Undercover operations are standard practice in law enforcement in most countries in the West, including the United States. With how big GME has gotten, I think it would be foolish to seriously believe there isn’t the possibility of this being an operation; it has every hallmark of a honeypot trap. Since everyone is effectively unknown on Reddit, everyone is on the ‘sus list’ by default. Before the January gamma squeeze, neither rensole nor redchessqueen99 existed in the GME community at all, yet now they are basically running things. I think that warrants an investigation at the very least.

There are various forms of undercover ops directed at every online community, no matter how innocuous they are. These can range from amateur infiltrations, such as the Big Bear haters who subscribe to SocialGalactic in order to see what’s going on there, to the national intelligence agencies that patrol every comment system on the Internet and attempt to steer the trends on the major social media sites.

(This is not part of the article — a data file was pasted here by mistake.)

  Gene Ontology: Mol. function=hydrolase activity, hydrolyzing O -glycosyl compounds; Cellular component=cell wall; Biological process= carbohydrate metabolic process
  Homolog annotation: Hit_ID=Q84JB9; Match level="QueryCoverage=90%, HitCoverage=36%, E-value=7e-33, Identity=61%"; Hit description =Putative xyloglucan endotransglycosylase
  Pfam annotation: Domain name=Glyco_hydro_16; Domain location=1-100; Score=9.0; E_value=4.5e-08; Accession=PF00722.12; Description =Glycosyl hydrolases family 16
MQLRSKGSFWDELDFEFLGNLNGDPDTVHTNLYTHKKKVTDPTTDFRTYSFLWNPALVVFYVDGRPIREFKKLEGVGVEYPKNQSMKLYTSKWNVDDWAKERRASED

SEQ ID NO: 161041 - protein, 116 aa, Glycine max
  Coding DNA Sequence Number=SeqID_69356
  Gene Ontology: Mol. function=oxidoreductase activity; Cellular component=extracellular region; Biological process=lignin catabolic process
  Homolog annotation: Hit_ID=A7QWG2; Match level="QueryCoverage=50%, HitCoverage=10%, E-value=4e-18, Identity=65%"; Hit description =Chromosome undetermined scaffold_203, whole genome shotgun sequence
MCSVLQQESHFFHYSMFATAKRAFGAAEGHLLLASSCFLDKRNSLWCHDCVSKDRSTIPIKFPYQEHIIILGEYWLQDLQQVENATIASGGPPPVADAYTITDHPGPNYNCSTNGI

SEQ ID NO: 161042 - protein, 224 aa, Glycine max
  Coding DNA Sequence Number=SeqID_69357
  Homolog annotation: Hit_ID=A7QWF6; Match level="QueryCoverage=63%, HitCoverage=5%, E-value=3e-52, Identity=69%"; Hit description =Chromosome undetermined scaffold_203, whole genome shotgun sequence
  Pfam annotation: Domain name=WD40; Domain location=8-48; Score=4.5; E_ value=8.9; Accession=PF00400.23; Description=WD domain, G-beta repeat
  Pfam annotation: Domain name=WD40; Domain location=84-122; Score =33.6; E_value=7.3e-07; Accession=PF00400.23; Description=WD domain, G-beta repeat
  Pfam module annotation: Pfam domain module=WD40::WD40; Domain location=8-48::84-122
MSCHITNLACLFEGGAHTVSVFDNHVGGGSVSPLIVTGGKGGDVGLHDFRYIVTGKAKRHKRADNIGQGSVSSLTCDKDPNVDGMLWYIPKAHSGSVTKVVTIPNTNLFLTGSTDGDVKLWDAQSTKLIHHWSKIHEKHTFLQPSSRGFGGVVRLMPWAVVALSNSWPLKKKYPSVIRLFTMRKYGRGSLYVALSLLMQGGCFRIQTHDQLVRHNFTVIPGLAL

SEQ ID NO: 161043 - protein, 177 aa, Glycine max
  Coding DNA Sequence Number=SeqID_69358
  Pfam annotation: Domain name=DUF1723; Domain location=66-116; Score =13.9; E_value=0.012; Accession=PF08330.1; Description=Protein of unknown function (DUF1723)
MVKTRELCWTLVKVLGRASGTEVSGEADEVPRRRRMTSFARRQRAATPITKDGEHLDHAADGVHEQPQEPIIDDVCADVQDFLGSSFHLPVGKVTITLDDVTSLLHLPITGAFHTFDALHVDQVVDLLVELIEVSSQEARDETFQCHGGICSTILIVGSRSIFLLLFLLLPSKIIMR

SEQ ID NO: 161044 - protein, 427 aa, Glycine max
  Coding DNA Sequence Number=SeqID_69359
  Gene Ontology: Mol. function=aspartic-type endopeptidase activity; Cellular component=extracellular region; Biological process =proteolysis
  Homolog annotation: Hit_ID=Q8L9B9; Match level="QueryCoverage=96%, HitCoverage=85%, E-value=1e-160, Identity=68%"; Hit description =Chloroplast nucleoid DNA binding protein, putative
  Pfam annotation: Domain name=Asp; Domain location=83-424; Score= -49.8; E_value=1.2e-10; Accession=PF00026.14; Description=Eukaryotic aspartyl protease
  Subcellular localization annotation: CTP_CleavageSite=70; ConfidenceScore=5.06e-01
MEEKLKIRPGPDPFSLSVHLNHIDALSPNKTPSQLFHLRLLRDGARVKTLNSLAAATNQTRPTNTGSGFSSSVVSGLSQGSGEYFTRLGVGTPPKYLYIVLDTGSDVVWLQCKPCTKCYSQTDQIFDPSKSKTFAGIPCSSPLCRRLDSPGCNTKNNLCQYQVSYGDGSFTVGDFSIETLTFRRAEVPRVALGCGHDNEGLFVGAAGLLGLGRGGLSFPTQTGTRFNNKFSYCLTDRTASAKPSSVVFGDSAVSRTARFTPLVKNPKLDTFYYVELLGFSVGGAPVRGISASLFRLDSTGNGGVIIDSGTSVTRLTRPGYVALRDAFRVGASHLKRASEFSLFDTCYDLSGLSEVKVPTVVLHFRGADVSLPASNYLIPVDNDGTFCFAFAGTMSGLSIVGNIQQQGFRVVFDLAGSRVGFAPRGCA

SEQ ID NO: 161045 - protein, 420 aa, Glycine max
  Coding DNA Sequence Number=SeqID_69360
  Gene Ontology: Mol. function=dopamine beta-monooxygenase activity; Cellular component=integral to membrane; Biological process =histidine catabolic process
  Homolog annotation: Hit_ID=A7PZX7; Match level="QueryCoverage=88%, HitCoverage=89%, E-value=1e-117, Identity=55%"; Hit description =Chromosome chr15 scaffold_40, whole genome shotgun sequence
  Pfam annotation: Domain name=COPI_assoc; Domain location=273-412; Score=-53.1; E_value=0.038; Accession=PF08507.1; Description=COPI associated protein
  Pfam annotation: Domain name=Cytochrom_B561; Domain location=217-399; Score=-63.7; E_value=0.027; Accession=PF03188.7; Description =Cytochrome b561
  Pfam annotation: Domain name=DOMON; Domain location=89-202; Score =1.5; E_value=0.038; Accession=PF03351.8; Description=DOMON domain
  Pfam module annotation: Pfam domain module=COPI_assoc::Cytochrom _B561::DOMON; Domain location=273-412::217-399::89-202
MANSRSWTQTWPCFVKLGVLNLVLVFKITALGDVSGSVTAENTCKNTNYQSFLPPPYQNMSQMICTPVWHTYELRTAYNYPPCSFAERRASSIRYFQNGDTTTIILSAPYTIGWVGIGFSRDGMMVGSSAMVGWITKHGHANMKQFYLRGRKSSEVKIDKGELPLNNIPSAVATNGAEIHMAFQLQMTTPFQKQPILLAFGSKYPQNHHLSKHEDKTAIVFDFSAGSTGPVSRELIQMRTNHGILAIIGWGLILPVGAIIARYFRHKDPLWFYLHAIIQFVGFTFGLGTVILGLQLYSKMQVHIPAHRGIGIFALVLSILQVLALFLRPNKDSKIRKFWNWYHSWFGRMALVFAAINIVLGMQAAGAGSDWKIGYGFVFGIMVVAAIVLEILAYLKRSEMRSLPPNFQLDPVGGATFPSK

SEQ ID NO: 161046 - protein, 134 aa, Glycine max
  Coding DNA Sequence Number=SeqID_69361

This autist’s analysis is worth reading because he describes a number of tells that even the most professional operators can’t help but betray. What I find interesting is how much overlap there is between natural gamma behavior and professional shill behavior. In either case, it provides more than sufficient justification for the zero tolerance policy here.

Anyhow, it’s always wise to be suspicious of newcomers who become self-appointed leaders. In both the cases of the Tea Party and Comicsgate, for example, individuals who had nothing to do with the original organic movement leaped to the front of the parade and managed to successsfully redirect it. And before anyone tries to make this about me somehow, I will remind everyone that I was not a part of either the Tea Party or Comicsgate.

For me, the second-biggest indicator of an unreliable figure is their tendency to dissemble and avoid answering direct questions. The biggest indicator, of course, is favorable media coverage.